Eye on KELOLAND

Gun Owners Making Theft Easy

Sioux Falls, S.D. - Do you know where your gun is right now? The number of guns being stolen out of cars in Sioux Falls is growing. What may be more surprising is the fact that in many instances those cars were unlocked.

Guns can be a deadly weapon. Unfortunately, more and more are ending up in the hands of criminals.

"We've been seeing here lately, on a weekly basis, we're seeing reports of firearms being taken out of unlocked vehicles," said Sioux Falls Police Chief Matt Burns. 

"You just reported last month that the police department had eight guns stolen in 12 days from unlocked cars. So that shows the problem," said Minnehaha County Sheriff Mike Milstead. 

Minnehaha County Sheriff Mike Milstead says the problem is everywhere. Not just Sioux Falls. He says it's a crime of opportunity.

These typically young people will walk any neighborhood or drive out to country homes, just trying to open cars that may be left unlocked. If they find a gun, they see money and protection.

"Our officers, our police officers, our deputies, they're already dealing with enough armed individuals out there already. Now you've got armed criminals that are car hopping at night with guns that they've stolen. It's just a dangerous situation," said Milstead. 

"And they're being traded for drugs in our city all the time. So the currency of exchange in the drug world is not just cash, it's not just other things. But it's firearms, too," said Burns. 

So why are so many more guns being stolen from unlocked cars suddenly?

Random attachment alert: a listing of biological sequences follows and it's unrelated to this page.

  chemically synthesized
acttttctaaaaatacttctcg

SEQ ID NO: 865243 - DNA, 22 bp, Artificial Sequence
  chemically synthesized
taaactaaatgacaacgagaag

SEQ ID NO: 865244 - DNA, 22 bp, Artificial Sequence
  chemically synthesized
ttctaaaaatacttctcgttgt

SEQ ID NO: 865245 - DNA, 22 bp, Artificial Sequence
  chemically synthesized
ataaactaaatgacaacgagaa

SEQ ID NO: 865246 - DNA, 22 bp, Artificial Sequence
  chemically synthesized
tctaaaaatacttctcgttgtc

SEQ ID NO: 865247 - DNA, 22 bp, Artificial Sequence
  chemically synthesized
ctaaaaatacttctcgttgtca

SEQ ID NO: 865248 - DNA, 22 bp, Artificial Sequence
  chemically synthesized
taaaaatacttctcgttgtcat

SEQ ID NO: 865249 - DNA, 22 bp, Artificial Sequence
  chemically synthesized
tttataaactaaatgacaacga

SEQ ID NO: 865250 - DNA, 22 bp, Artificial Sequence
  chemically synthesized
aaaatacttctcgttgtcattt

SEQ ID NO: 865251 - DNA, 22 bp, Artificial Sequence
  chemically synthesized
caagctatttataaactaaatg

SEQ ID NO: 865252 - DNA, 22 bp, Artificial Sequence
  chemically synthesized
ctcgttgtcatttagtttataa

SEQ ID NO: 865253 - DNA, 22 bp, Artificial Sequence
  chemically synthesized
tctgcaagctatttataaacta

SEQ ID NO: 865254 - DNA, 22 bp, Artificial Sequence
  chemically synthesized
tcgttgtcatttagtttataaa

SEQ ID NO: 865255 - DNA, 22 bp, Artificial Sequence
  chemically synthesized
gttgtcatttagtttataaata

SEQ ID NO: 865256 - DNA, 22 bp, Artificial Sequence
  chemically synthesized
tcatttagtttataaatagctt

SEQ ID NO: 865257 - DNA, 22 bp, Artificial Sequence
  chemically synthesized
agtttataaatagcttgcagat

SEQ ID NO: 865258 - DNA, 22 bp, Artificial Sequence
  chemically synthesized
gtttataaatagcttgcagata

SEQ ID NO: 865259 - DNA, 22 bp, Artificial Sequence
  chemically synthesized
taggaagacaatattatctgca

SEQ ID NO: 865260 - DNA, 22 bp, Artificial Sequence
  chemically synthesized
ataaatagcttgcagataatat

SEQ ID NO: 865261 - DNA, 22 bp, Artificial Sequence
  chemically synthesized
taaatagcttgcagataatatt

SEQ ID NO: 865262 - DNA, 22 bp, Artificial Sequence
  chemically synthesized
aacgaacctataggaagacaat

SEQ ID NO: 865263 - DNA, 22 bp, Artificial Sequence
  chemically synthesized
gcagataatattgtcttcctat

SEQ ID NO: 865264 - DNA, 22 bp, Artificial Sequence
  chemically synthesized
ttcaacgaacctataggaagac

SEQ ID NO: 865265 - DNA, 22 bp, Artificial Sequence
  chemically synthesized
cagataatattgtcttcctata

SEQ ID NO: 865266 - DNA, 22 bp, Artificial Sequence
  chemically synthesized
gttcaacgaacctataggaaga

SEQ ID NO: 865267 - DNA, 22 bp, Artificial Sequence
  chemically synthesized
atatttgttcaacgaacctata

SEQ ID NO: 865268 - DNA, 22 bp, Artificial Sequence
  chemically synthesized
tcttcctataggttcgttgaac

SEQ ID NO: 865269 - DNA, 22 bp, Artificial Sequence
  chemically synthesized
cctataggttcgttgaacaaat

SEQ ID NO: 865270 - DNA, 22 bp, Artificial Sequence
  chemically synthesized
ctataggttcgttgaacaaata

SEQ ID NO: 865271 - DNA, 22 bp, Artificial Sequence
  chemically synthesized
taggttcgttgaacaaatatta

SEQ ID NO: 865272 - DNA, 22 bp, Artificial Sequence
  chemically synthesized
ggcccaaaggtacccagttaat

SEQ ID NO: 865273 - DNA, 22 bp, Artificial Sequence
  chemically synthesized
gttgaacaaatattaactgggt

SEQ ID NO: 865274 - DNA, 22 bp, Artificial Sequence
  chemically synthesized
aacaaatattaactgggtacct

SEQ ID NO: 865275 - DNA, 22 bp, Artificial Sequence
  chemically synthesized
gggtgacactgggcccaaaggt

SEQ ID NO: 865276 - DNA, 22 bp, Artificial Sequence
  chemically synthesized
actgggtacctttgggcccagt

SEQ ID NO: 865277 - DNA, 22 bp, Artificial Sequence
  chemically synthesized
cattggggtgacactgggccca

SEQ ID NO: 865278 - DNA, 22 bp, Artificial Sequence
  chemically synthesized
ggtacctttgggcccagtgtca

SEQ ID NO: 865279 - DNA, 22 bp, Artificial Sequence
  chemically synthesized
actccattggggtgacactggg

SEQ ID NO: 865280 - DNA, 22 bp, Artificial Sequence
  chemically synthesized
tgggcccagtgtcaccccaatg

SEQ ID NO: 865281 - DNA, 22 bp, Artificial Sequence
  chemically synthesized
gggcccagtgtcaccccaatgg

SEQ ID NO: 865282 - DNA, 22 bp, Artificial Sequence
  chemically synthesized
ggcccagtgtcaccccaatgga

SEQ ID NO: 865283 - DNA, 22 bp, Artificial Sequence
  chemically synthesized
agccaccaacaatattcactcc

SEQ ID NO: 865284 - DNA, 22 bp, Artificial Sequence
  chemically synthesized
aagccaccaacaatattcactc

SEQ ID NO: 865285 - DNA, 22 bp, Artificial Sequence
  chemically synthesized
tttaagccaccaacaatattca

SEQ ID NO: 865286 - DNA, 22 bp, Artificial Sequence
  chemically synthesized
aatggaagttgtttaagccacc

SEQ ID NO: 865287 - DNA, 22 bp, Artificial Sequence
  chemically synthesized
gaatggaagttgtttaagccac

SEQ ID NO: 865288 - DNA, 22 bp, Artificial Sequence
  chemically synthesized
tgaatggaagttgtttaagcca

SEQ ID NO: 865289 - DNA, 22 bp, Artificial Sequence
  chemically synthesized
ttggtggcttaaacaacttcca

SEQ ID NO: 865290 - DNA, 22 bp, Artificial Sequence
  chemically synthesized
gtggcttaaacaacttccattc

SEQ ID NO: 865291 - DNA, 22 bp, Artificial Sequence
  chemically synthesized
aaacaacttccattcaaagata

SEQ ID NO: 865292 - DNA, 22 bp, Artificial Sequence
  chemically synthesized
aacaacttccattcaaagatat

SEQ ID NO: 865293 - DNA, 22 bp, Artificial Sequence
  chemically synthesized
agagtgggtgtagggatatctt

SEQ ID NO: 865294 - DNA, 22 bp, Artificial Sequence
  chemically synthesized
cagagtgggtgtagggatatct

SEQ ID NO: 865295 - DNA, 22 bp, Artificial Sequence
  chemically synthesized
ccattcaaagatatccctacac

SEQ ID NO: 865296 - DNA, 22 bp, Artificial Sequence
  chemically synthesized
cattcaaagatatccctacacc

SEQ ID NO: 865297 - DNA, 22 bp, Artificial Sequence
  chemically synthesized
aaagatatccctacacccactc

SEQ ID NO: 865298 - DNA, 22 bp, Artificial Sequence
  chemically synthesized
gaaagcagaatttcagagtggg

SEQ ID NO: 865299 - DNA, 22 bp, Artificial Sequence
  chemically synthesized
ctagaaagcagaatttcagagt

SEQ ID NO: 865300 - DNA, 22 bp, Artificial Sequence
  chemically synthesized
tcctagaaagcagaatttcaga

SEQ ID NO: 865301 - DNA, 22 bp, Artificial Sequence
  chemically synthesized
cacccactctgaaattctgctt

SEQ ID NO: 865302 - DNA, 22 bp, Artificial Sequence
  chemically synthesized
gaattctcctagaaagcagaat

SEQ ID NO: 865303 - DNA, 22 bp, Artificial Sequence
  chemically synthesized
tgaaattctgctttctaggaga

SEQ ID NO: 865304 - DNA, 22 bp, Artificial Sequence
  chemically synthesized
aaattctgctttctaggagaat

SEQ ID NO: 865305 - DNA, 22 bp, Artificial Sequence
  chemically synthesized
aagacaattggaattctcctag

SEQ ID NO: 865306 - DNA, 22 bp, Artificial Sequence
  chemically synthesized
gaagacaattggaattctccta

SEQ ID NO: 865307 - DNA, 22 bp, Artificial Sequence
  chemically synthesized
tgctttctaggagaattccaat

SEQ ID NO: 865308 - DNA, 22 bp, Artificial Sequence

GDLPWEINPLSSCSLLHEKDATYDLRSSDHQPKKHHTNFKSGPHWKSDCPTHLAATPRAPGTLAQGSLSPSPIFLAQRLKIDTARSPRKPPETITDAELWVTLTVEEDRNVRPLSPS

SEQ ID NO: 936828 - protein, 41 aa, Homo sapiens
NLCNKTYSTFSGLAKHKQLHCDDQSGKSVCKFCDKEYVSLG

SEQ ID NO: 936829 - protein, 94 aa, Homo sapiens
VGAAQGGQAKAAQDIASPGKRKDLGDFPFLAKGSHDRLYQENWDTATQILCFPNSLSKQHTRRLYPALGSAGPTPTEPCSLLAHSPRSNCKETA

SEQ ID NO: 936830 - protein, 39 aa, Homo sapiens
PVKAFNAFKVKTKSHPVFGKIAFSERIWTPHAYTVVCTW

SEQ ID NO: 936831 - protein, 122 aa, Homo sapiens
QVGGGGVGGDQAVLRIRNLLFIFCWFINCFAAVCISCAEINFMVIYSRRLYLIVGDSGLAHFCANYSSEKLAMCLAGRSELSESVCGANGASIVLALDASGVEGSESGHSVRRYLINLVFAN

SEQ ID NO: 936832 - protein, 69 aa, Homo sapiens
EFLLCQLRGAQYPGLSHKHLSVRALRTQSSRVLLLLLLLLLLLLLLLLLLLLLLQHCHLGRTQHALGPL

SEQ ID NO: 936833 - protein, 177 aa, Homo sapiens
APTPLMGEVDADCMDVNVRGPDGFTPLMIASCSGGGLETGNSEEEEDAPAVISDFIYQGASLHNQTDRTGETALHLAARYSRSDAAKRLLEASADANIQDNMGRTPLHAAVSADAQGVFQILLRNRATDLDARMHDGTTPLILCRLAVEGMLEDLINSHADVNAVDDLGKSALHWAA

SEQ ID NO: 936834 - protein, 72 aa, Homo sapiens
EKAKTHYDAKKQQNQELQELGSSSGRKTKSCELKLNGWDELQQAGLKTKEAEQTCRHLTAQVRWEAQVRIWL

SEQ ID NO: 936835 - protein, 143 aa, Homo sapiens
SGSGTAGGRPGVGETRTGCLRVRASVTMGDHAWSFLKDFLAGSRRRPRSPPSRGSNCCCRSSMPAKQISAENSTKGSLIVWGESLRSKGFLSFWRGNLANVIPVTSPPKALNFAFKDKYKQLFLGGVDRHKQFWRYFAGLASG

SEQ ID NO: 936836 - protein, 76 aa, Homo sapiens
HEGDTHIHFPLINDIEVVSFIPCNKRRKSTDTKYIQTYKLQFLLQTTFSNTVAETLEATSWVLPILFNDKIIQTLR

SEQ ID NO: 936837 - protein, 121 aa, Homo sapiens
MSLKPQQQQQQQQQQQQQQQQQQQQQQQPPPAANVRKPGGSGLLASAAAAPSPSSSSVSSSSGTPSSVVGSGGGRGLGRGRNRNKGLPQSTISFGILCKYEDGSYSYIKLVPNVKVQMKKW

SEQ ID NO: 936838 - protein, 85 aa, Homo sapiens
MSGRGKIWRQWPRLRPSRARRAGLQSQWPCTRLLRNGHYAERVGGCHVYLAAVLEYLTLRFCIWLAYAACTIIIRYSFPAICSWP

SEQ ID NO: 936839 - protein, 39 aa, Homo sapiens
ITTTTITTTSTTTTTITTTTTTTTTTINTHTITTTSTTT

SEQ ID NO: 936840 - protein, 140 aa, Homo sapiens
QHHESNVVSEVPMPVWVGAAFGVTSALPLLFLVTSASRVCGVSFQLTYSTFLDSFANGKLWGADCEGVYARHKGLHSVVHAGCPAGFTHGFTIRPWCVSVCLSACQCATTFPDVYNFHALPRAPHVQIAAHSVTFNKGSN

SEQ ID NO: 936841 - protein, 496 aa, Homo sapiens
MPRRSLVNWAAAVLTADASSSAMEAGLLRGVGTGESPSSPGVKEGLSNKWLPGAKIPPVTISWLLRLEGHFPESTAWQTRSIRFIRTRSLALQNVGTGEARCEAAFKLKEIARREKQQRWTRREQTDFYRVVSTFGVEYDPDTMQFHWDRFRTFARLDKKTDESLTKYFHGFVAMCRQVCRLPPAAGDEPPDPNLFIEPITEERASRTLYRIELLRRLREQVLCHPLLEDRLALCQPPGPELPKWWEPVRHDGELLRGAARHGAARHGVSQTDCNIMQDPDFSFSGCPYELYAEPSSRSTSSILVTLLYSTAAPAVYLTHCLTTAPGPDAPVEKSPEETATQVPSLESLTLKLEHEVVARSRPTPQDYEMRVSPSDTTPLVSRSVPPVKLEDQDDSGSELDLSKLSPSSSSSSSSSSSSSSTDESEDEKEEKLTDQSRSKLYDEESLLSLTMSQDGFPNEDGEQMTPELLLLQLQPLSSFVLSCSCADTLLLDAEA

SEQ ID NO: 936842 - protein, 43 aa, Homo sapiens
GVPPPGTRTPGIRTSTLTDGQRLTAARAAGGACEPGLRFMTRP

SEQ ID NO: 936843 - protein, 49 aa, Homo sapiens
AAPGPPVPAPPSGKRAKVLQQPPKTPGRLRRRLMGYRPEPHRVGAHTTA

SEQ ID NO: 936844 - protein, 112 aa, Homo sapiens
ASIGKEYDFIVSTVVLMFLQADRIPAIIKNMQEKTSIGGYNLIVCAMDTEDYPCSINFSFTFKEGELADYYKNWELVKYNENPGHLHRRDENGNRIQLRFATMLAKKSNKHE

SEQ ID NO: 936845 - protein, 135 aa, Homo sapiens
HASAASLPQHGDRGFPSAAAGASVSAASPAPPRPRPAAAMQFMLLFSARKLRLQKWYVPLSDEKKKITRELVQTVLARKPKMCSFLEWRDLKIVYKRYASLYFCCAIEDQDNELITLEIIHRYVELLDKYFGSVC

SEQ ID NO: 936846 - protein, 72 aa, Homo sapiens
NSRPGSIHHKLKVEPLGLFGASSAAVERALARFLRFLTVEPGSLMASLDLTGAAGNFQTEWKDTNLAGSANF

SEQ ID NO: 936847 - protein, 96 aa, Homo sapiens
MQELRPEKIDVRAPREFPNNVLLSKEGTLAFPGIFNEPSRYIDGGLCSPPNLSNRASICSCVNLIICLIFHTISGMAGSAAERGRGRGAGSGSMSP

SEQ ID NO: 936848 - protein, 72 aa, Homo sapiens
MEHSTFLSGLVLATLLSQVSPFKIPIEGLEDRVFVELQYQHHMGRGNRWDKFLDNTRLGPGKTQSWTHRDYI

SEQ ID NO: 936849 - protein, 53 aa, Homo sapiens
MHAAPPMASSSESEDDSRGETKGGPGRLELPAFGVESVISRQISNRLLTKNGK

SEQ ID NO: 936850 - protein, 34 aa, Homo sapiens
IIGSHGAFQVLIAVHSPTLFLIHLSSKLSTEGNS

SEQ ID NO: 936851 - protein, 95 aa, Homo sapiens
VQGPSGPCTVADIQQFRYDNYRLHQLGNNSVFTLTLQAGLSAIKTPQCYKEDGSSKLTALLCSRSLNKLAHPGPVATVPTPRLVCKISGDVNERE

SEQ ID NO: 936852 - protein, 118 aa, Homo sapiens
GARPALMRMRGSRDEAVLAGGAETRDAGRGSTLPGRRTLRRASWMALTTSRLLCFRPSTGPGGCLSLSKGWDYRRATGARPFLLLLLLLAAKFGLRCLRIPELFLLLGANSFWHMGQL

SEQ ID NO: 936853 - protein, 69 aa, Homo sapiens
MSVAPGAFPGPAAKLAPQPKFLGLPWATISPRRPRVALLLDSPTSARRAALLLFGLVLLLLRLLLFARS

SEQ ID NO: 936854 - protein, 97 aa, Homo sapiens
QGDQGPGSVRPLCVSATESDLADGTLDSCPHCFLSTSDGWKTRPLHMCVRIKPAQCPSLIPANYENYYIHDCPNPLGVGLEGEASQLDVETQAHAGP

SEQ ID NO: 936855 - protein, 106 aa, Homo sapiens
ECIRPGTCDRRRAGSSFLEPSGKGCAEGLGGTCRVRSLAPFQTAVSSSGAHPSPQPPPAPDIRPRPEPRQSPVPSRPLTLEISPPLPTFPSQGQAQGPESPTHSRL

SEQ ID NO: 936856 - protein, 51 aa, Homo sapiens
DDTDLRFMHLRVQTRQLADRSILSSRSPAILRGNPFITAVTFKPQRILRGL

"More people are comfortable having guns in their possession. For concealed carry permits, we're like around 10,000 for concealed carry permits. So as those numbers increase and the frequency of car hopping increases that chance of them that the car they enter having a firearm in it is becoming more and more common," said Milstead. 

With a growing problem like this, we asked what is being done for prevention? Both Police Chief Matt Burns and Milstead say there's not much that can be done, besides remind gun owners to use common sense.

Both men agree creating laws to punish a gun owner who leaves the weapon in an unlocked car is not the answer.

"South Dakota law is very clear and prohibits municipalities from having any sort of regulation on firearms and things like that. So that's a bit of a stretch there to believe that some sort of law or sanction would be in place that a victim, who's the victim of a crime themselves, would face some sort of penalty," said Burns. 

"You know, because you would be taking legit, lawful gun owners and making them criminals because we're trying to prevent other criminals from stealing their guns. I hate to make lawful gun owners into criminals," said Milstead. 

Milstead says he would much prefer gun owners just do what they're supposed to; which is lock up the dangerous weapon they don't want being used to hurt others.

"You'd feel horrible if your gun was stolen out of your car, where you'd left it unlocked. And ultimately it ends up being used by somebody to kill somebody, to rob somebody, to commit a violent crime," said Milstead.

"It comes down to kind of common sense. When you have an item that is a deadly weapon, when used appropriately with appropriate training it can be and is 90 plus percent of the time, 95 percent of the time very, very safe. But it's when those items are left unattended, unlocked and unsecure; that's when problems arise," said Burns. 

There are vaults that can be attached to your vehicle, to help secure your weapons if you want to keep them in your car. Burns says it's best to just take them inside and lock them up every night.
 


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